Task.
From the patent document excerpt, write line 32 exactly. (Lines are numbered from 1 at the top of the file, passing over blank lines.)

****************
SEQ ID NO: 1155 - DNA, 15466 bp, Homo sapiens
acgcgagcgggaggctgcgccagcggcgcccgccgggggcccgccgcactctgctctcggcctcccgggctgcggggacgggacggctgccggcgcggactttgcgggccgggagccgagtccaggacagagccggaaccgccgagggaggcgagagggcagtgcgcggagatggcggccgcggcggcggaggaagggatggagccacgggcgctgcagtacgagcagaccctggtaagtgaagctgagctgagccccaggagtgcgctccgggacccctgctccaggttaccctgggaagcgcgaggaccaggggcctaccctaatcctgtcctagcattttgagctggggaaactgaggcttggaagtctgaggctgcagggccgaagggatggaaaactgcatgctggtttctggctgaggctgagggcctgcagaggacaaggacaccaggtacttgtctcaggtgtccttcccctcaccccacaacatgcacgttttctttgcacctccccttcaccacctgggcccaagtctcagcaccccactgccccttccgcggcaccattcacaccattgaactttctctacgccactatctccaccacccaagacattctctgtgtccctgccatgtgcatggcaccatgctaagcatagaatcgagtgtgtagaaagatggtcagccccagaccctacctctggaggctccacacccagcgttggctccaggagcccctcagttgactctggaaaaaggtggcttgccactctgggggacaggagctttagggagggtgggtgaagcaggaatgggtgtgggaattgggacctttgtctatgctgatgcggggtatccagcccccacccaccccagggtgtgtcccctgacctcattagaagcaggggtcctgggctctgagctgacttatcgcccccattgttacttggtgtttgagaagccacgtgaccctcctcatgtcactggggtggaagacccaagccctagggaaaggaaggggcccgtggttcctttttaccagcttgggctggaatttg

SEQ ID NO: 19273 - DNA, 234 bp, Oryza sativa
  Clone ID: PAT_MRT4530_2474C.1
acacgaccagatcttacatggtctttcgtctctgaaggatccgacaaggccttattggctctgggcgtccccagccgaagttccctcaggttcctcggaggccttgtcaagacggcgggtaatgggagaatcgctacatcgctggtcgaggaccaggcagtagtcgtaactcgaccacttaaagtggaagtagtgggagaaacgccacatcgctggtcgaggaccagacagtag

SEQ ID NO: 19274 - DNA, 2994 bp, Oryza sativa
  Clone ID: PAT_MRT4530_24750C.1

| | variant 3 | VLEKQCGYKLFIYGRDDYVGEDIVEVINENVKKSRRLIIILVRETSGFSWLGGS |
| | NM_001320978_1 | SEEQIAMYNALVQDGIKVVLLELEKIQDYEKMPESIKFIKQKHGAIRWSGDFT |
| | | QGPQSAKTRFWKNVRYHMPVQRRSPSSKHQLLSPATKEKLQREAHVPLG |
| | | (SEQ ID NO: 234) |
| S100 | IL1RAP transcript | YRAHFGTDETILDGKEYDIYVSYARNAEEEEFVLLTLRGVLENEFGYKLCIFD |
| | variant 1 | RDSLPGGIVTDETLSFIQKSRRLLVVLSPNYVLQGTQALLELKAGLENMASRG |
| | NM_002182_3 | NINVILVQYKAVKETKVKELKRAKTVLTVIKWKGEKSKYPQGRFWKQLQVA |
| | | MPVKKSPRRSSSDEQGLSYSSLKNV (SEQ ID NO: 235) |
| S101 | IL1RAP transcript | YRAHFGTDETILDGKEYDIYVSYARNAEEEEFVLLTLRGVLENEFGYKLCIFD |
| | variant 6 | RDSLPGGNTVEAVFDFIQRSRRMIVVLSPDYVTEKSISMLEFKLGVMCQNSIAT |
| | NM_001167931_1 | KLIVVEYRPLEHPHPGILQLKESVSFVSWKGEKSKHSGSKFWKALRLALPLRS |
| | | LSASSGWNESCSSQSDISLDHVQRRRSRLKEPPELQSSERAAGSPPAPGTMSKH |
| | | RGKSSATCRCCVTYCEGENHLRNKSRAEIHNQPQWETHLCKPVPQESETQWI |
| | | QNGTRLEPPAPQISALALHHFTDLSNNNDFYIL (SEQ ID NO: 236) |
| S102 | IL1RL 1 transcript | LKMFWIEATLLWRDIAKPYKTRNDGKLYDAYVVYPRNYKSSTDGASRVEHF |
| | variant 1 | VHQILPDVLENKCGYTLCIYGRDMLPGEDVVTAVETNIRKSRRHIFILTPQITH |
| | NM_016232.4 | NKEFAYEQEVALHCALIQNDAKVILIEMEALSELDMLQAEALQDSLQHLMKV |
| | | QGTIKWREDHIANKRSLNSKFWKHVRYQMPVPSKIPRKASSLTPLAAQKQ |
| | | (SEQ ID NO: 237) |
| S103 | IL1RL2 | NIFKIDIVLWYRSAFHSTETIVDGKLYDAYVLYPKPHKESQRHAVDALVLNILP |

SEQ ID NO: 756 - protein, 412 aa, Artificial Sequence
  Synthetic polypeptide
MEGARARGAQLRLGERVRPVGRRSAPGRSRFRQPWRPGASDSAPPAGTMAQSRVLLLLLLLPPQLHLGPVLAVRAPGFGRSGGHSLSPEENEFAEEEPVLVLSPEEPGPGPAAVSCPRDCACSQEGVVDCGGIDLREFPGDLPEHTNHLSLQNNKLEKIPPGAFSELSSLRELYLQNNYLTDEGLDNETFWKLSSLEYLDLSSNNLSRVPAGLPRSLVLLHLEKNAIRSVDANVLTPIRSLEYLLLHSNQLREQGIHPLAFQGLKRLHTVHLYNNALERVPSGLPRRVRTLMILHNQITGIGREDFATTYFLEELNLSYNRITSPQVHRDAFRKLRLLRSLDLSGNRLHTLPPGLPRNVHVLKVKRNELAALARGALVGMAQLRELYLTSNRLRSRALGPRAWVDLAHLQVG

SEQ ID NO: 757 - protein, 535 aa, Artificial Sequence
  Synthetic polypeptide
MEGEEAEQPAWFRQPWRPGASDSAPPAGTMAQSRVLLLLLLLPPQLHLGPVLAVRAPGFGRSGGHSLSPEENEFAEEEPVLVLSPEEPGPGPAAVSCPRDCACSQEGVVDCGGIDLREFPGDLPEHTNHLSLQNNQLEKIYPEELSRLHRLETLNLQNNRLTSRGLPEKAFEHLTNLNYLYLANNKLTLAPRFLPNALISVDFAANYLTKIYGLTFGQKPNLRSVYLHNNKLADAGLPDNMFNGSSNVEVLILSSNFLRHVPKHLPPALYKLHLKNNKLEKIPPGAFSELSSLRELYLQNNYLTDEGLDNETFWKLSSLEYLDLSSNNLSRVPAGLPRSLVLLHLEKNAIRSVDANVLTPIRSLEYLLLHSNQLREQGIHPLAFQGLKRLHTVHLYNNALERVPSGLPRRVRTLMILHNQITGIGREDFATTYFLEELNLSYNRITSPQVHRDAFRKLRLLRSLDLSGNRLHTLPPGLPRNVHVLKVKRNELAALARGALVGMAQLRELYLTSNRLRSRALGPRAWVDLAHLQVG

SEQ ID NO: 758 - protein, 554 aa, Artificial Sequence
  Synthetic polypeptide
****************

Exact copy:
  Synthetic polypeptide